A balanced and healthy body is a fertile body. As more and more studies search for answers about infertility and reproduction; scientists are slowly acknowledging that optimum fertility is not just about the reproductive organs and system– it is a complex process involving various body systems and the mind.
Being underweight or overweight will negatively impact fertility and weight issues are a definite cause of infertility.
On the overweight front, a recent study suggests that severely obese women are 43% less likely to get pregnant than normal-weight women. So, even women who have regular ovulation and menstrual cycles can have difficulty conceiving when they are overweight.
Scientists do not know exactly why obesity causes infertility. It could be because obesity in women is associated with abnormal sex steroids, and abnormal levels of insulin in the blood. This in turn leads to more problems such as abnormal periods, higher levels of male hormones, and an abnormal thickening of the uterus lining. One or a combination of these issues could result in infertility. Studies also show that healthy sperm density and parameters of obese males is lower than their healthy counterparts.
So what is the ideal weight and how does one get there?
The relation between body fat and BMI differs with age and gender. Women, for example, are more likely to have a higher percent of body fat than men with the same BMI. On average, older people may have more body fat than younger adults with the same BMI.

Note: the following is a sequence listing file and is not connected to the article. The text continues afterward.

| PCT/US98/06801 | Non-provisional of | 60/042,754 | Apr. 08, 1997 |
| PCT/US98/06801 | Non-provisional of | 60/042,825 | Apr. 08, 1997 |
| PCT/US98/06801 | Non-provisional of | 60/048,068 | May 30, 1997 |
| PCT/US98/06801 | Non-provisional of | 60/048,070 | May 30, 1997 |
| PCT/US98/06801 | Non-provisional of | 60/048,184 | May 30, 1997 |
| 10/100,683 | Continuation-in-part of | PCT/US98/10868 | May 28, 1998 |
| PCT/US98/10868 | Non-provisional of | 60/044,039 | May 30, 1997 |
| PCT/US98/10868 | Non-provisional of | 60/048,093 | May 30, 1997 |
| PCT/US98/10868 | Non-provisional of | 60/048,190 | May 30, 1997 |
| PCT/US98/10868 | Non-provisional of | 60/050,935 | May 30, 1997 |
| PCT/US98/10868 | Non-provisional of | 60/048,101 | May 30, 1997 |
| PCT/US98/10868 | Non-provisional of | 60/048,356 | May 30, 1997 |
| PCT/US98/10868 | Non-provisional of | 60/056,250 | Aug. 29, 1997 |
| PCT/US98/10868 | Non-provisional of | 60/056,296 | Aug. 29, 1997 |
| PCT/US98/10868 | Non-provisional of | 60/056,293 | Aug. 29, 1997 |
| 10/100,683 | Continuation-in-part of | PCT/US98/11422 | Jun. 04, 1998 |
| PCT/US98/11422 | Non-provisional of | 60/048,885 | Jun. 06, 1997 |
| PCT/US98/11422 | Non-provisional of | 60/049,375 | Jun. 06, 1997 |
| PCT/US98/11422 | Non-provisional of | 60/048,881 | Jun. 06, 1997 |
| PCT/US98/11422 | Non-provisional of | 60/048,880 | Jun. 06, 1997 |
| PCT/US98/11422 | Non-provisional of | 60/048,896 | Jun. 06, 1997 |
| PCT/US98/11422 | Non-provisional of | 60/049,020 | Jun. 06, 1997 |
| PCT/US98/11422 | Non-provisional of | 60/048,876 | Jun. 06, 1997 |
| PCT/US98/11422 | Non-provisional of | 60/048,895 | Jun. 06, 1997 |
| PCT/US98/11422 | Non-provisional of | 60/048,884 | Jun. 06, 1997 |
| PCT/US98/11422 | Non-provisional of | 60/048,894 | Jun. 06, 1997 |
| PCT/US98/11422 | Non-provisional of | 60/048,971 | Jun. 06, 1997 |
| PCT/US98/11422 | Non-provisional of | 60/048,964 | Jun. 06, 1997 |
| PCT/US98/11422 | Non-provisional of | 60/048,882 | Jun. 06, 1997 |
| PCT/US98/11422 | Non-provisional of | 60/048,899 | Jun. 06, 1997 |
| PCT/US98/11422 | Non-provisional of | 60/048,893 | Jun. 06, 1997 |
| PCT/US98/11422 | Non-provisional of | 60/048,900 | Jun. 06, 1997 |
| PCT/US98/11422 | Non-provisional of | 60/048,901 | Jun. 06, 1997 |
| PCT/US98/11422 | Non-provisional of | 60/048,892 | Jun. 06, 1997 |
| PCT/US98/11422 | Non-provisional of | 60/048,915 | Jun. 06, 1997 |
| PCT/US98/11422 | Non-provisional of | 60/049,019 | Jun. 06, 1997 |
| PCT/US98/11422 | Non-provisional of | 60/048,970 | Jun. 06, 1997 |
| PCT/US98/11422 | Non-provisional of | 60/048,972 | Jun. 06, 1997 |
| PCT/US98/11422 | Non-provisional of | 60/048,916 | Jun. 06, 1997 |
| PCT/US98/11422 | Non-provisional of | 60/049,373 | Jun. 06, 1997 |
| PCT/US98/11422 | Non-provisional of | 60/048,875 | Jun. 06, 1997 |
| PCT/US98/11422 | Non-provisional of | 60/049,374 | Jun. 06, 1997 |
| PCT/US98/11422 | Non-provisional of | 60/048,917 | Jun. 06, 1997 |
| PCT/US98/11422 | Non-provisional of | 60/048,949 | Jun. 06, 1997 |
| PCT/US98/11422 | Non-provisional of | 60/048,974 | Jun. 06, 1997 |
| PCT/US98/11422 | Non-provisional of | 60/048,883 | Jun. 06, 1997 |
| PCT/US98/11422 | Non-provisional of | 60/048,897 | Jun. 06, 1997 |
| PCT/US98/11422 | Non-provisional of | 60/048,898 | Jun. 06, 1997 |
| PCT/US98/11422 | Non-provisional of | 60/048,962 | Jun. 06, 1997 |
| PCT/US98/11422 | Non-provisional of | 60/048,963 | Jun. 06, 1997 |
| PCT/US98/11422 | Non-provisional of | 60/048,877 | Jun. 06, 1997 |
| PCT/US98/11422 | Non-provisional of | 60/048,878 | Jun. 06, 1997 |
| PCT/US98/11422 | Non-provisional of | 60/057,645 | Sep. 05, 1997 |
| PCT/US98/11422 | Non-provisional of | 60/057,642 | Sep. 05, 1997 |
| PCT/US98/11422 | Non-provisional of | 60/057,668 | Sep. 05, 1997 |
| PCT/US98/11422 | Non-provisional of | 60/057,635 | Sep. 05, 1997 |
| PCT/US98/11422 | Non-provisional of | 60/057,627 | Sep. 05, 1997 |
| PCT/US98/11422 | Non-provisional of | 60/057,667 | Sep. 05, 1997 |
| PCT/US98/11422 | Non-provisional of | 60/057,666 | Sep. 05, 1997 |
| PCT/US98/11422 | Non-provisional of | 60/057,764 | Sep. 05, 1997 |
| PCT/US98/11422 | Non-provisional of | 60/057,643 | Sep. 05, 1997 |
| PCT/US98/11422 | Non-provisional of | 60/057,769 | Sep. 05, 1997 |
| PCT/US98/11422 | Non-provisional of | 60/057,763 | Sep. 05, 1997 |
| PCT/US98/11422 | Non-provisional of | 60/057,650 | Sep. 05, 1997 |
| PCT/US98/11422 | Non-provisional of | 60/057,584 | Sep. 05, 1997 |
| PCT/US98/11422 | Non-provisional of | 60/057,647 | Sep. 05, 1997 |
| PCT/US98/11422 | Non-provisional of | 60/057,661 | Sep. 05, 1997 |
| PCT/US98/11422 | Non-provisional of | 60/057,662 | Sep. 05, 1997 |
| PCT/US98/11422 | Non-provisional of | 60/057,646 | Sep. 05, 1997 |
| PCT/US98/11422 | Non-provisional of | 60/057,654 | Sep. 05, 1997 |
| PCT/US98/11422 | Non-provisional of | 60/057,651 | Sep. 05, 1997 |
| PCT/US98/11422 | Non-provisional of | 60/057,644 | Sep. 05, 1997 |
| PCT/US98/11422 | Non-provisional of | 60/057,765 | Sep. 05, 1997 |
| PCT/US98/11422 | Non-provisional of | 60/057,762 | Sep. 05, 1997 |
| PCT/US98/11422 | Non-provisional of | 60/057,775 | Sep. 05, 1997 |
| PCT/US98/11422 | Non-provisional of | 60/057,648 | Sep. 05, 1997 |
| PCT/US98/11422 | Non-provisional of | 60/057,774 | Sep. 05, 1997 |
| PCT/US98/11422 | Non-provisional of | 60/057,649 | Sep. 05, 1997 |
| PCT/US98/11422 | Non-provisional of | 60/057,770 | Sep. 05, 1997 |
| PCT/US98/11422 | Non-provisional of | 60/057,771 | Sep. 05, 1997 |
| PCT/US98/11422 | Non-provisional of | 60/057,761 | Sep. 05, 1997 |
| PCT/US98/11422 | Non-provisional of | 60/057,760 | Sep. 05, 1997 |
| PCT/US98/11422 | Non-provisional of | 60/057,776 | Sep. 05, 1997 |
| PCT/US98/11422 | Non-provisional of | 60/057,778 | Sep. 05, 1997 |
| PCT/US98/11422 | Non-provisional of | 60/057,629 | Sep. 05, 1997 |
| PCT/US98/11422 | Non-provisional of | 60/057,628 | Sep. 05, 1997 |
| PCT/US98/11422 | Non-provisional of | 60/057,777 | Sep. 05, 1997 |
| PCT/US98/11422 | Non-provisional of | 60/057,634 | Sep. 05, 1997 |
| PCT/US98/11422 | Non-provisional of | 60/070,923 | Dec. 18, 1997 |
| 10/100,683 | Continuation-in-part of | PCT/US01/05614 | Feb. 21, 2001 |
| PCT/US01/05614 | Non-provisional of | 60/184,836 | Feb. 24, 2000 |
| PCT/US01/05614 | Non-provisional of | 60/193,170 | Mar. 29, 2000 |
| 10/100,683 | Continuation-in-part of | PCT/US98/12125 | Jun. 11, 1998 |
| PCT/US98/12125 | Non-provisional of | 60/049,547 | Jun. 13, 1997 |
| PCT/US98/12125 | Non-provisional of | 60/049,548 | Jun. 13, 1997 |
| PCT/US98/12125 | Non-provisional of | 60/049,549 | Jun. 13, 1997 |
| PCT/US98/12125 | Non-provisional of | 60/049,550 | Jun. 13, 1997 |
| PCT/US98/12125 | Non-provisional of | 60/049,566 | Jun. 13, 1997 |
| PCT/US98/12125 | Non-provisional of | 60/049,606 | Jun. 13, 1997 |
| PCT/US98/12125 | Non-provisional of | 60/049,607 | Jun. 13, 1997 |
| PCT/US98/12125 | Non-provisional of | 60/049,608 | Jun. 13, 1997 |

|*||More than 40||Severely Obese|
|*||Less than 18||Underweight|
An adult with a BMI of less than 18 is considered to be underweight.
An adult with a BMI between 18 and 25 is considered to be of a normal, healthy weight.
An adult with a BMI of between 25 and 30 is considered to be overweight.
An adult with a BMI of over 30 is considered to be obese.
Although the BMI can be a good guide, when trying to lose weight, keeping track of your body fat percentages is much better than keeping track of total weight because of body fluid variations.
Experts suggest that even a weight loss of 5 to 10% can dramatically improve ovulation and chances of pregnancy. The only way to achieve this and stay healthy is avoiding crash diets.
Weight loss is really more about a healthy lifestyle, pre-planning and reinforcing new habits than anything else. There is no substitute to eating balanced and nutritious meals and exercising regularly.
Foods to include: Lots vegetable, quality protein (fish, chicken, eggs, venison, beef etc).
Foods to avoid: Saturated fats (butter, hydrogenated oils, trans fats ), highly processed/junk foods.
Exercise: At least 60 minutes, five to seven times a week; program should include a great cardiovascular workout (elliptical, treadmill, swimming, or low-impact aerobics) and weighted exercises for toning.
Minimize stress: Take up hobbies that increase physical activity and act as stress busters like yoga, or a favorite sport. This prevents build up of “stress-hormones”, which can come in the way of losing weight.
Always consult a medical professional that you trust and who knows you well so you can get the tips and advice that fit you and your individual needs the best. It is not impossible to achieve these goals, and the key is to stay motivated and always remain focused on the ultimate outcome — your optimum fertility and the health of your prospective family depend on it!
For simple, easy ways to lose weight with delicious recipes — be sure to order your copy of Eat Your Way To Parenthood: The Diet Secrets of Highly Fertile Couples Revealed or subscribe to one of our Fertility Food Revolution Meal Plans.